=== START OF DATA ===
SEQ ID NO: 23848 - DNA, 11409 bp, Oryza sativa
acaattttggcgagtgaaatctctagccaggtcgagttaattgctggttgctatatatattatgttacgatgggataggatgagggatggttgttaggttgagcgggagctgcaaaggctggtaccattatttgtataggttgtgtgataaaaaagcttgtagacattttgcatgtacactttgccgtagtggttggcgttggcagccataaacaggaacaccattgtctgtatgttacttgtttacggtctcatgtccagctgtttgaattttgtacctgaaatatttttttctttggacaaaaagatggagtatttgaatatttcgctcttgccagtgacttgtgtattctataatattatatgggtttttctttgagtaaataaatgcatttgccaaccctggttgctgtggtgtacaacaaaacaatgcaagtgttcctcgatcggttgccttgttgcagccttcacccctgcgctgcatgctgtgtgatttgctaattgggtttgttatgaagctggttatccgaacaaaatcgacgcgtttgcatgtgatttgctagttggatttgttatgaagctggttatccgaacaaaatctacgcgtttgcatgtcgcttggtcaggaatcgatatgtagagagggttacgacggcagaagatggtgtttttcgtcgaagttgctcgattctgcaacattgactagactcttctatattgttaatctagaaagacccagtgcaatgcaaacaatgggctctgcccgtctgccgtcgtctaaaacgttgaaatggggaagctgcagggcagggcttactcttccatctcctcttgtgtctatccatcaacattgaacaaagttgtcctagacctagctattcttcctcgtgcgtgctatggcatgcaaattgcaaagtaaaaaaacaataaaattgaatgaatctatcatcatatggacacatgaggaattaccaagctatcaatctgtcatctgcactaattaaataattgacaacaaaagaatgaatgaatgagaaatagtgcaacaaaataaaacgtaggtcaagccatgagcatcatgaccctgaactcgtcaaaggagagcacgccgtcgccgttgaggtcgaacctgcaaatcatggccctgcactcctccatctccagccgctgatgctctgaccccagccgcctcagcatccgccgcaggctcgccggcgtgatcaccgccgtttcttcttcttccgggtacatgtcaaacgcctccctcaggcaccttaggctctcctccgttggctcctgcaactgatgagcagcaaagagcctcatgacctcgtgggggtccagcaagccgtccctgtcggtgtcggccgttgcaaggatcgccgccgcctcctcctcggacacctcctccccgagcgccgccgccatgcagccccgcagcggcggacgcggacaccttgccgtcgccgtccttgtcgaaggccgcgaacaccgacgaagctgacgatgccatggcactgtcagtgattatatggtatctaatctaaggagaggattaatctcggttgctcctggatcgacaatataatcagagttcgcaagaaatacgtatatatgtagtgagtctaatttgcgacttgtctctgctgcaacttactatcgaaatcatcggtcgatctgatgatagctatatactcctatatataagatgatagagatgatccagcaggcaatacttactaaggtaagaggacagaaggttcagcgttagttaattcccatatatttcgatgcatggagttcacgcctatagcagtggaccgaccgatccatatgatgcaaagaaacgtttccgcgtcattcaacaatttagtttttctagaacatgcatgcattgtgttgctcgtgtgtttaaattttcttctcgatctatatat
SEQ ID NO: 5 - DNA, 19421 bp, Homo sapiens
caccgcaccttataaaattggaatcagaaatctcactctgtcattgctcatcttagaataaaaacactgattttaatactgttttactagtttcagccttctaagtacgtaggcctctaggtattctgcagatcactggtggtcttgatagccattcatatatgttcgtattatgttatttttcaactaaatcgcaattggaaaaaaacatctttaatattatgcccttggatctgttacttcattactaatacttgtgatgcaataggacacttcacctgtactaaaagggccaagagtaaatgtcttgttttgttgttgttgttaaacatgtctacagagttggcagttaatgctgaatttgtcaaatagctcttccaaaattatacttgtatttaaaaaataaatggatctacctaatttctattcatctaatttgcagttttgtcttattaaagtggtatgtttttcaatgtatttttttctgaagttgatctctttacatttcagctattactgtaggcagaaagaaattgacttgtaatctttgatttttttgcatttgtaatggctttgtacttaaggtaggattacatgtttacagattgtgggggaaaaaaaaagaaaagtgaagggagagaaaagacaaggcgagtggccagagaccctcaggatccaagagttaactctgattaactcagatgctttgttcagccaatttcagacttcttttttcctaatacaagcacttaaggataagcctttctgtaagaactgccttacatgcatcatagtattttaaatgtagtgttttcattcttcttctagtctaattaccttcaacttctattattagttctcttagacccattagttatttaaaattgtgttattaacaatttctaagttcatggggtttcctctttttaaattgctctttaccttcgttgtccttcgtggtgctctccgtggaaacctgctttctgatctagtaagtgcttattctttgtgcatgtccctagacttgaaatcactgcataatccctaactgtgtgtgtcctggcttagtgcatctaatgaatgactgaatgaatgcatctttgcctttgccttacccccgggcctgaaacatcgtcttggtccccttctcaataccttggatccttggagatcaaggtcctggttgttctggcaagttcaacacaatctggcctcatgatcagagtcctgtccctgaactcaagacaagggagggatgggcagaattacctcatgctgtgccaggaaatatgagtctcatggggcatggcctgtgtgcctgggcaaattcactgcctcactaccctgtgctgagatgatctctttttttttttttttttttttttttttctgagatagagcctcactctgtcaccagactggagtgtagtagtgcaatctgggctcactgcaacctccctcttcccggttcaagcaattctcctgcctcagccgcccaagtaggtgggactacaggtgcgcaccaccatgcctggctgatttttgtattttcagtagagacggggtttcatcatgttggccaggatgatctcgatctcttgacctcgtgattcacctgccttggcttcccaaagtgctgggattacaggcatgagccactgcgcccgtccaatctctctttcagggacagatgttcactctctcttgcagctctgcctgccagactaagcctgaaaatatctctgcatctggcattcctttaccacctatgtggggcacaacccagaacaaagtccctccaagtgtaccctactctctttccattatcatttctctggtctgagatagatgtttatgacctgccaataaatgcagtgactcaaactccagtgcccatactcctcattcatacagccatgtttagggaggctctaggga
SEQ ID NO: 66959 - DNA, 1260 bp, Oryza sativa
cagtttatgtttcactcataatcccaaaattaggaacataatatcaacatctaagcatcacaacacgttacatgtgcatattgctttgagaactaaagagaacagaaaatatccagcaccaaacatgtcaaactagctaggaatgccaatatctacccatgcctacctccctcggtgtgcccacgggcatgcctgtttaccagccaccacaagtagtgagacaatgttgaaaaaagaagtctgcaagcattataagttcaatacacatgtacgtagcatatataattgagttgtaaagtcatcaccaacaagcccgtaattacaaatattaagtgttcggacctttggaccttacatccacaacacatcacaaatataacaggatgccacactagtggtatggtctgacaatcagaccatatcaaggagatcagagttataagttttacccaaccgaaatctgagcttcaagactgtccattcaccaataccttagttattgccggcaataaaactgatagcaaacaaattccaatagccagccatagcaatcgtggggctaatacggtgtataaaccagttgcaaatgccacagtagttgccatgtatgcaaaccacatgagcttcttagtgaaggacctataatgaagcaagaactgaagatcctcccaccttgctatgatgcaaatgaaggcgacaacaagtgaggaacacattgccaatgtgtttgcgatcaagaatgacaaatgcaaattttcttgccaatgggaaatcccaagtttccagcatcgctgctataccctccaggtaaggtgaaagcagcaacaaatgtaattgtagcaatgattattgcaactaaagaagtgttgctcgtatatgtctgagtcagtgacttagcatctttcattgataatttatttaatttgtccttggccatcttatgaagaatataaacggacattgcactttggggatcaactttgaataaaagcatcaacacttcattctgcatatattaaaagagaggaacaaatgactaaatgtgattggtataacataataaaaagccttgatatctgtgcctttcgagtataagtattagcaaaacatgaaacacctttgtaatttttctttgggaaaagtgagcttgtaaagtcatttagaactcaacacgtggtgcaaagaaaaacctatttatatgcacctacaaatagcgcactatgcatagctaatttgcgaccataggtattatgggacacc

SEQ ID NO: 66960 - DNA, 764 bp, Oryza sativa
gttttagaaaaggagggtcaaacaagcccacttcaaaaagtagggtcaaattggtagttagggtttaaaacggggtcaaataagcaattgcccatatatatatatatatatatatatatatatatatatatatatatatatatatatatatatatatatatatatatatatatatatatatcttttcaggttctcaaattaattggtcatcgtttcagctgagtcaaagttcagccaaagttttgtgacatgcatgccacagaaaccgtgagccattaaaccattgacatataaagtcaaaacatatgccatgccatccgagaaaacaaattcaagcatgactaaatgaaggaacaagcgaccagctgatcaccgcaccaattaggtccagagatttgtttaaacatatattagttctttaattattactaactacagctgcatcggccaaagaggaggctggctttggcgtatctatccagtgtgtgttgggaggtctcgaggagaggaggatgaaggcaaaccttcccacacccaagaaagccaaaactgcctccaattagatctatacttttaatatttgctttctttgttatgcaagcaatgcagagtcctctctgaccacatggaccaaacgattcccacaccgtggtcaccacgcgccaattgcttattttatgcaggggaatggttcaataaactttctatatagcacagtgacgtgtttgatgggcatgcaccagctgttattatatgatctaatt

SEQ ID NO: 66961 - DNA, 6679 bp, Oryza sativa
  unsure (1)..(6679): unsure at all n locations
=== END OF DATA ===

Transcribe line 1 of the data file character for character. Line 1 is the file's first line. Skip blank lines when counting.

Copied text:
SEQ ID NO: 23848 - DNA, 11409 bp, Oryza sativa